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Senior Honors' candidates in the division of History, Government, and Economics will not be required to take an oral examination in order to obtain a degree magna cum laude this year, if, by their course, divisional, and thesis grades, they have definitely established their claim to the magna degree, it was learned yesterday from Paul H. Buck, assistant professor of History, and chairman of the division board of examiners.
This is a modification of a previous rule which required an oral examination for all Honors above the cum mark, and was put into effect because it was felt that it was "a waste of both the student's and examiners' time" to have the oral quiz when the record of the student already indicated that he was sure of a magna.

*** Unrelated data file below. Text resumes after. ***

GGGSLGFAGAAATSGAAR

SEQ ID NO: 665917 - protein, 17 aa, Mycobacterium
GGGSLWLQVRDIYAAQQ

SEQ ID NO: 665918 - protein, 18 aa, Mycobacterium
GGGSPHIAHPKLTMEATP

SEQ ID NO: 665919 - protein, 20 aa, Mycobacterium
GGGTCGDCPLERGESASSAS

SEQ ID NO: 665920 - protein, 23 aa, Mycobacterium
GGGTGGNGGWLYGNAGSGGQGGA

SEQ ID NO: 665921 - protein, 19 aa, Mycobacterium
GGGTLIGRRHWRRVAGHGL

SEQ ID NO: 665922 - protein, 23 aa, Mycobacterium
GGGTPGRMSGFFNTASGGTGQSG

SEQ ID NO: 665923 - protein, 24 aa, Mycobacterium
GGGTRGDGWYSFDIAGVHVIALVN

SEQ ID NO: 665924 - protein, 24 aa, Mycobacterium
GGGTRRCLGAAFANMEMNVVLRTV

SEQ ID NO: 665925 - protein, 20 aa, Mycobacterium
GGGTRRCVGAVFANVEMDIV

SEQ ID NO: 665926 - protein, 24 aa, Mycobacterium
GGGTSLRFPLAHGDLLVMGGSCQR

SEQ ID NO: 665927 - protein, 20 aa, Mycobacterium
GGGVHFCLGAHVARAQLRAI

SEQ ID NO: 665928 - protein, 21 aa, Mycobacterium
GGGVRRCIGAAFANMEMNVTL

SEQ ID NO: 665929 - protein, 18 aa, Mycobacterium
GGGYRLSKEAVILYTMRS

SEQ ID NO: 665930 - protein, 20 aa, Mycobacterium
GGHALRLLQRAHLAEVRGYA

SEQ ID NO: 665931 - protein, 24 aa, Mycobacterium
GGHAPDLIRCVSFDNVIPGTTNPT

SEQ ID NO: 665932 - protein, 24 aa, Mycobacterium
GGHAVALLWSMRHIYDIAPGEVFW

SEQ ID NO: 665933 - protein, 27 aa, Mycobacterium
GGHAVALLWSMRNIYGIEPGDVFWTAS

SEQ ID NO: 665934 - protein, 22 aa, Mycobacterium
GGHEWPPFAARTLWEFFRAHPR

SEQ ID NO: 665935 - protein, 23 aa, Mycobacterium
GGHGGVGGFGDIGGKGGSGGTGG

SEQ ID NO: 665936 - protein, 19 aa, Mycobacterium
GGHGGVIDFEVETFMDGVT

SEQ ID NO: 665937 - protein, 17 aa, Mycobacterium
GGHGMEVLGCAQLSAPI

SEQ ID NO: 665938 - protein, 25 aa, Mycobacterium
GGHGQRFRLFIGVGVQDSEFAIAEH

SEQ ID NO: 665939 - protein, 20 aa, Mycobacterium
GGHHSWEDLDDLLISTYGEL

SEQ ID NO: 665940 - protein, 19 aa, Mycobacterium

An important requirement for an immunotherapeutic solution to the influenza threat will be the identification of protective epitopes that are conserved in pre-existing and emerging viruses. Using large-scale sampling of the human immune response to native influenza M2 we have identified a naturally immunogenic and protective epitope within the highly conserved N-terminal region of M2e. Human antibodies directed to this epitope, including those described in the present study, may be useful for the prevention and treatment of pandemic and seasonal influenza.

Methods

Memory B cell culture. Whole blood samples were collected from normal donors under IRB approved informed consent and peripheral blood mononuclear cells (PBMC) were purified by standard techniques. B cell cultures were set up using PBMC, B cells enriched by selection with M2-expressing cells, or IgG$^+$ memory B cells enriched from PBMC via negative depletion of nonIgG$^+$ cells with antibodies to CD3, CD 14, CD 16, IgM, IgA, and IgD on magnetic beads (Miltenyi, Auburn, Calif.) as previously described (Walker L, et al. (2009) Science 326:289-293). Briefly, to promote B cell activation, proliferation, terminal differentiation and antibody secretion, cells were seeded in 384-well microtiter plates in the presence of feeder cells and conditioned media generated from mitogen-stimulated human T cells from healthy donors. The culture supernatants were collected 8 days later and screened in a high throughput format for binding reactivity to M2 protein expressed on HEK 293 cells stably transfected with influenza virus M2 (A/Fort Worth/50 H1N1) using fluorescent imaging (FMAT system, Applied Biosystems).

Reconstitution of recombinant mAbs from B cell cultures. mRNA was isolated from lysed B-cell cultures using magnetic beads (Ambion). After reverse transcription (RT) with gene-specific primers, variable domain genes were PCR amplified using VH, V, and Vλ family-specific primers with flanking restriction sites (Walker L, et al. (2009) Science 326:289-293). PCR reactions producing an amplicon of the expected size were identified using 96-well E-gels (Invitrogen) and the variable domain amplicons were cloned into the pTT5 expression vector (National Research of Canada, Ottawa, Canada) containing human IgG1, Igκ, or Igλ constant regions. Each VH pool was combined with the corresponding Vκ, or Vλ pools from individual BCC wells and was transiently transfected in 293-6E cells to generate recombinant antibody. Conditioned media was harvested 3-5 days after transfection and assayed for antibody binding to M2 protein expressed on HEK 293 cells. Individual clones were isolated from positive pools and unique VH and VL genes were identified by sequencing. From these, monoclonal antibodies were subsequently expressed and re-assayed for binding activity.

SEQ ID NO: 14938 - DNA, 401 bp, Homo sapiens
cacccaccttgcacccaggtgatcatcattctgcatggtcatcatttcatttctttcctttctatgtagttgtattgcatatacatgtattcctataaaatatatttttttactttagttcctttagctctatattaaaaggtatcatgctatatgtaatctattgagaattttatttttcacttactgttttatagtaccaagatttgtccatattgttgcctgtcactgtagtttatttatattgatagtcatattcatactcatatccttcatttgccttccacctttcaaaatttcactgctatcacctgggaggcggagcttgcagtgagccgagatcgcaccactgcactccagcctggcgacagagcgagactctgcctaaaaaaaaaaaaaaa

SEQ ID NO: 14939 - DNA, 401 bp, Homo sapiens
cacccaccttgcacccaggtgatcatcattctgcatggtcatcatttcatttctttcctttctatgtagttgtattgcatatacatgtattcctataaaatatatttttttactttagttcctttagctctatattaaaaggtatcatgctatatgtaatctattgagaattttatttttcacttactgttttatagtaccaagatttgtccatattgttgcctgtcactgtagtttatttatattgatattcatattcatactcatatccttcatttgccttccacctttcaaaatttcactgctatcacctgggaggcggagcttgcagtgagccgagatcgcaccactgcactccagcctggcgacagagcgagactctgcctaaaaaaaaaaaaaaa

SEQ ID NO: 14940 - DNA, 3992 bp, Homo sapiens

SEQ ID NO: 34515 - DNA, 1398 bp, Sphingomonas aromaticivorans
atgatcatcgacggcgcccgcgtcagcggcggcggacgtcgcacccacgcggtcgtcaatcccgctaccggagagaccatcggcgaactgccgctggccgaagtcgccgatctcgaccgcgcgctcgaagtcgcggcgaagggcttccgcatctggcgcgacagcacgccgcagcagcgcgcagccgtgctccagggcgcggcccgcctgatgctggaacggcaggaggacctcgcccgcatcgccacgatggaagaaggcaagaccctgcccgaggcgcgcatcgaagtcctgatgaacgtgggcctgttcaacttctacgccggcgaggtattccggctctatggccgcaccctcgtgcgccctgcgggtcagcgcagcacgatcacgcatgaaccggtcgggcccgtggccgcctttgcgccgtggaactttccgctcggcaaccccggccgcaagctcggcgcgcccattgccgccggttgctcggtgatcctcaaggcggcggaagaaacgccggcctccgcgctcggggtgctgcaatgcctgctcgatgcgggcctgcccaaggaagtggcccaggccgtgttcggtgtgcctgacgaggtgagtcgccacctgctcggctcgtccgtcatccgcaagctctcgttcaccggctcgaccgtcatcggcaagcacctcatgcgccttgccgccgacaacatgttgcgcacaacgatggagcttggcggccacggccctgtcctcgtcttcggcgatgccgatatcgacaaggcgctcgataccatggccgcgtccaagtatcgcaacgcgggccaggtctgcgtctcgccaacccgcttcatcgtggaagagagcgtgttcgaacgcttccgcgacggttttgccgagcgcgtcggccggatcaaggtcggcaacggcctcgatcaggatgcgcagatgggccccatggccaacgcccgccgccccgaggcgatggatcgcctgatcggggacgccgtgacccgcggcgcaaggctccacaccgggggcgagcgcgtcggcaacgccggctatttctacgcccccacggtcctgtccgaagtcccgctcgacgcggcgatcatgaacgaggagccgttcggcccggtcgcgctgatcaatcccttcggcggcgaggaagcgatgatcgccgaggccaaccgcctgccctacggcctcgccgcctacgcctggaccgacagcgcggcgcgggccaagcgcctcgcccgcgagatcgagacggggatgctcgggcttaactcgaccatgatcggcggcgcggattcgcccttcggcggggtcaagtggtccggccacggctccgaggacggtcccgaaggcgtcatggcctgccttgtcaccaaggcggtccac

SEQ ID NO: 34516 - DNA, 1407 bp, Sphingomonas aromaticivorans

Borderline cases between a cum, and a magna will still require an oral, as will the case of any possible summa candidate. "The summa cum laude degree is so unusual," said Buck, "that we have felt it best to retain the oral examination before awarding it."
James B. Munn, professor of English, declared that no change of the kind introduced by the History, Government, and Economics division was contemplated in English this year, and so far as could be learned other departments are maintaining the same regulations regarding orals that prevailed last year.
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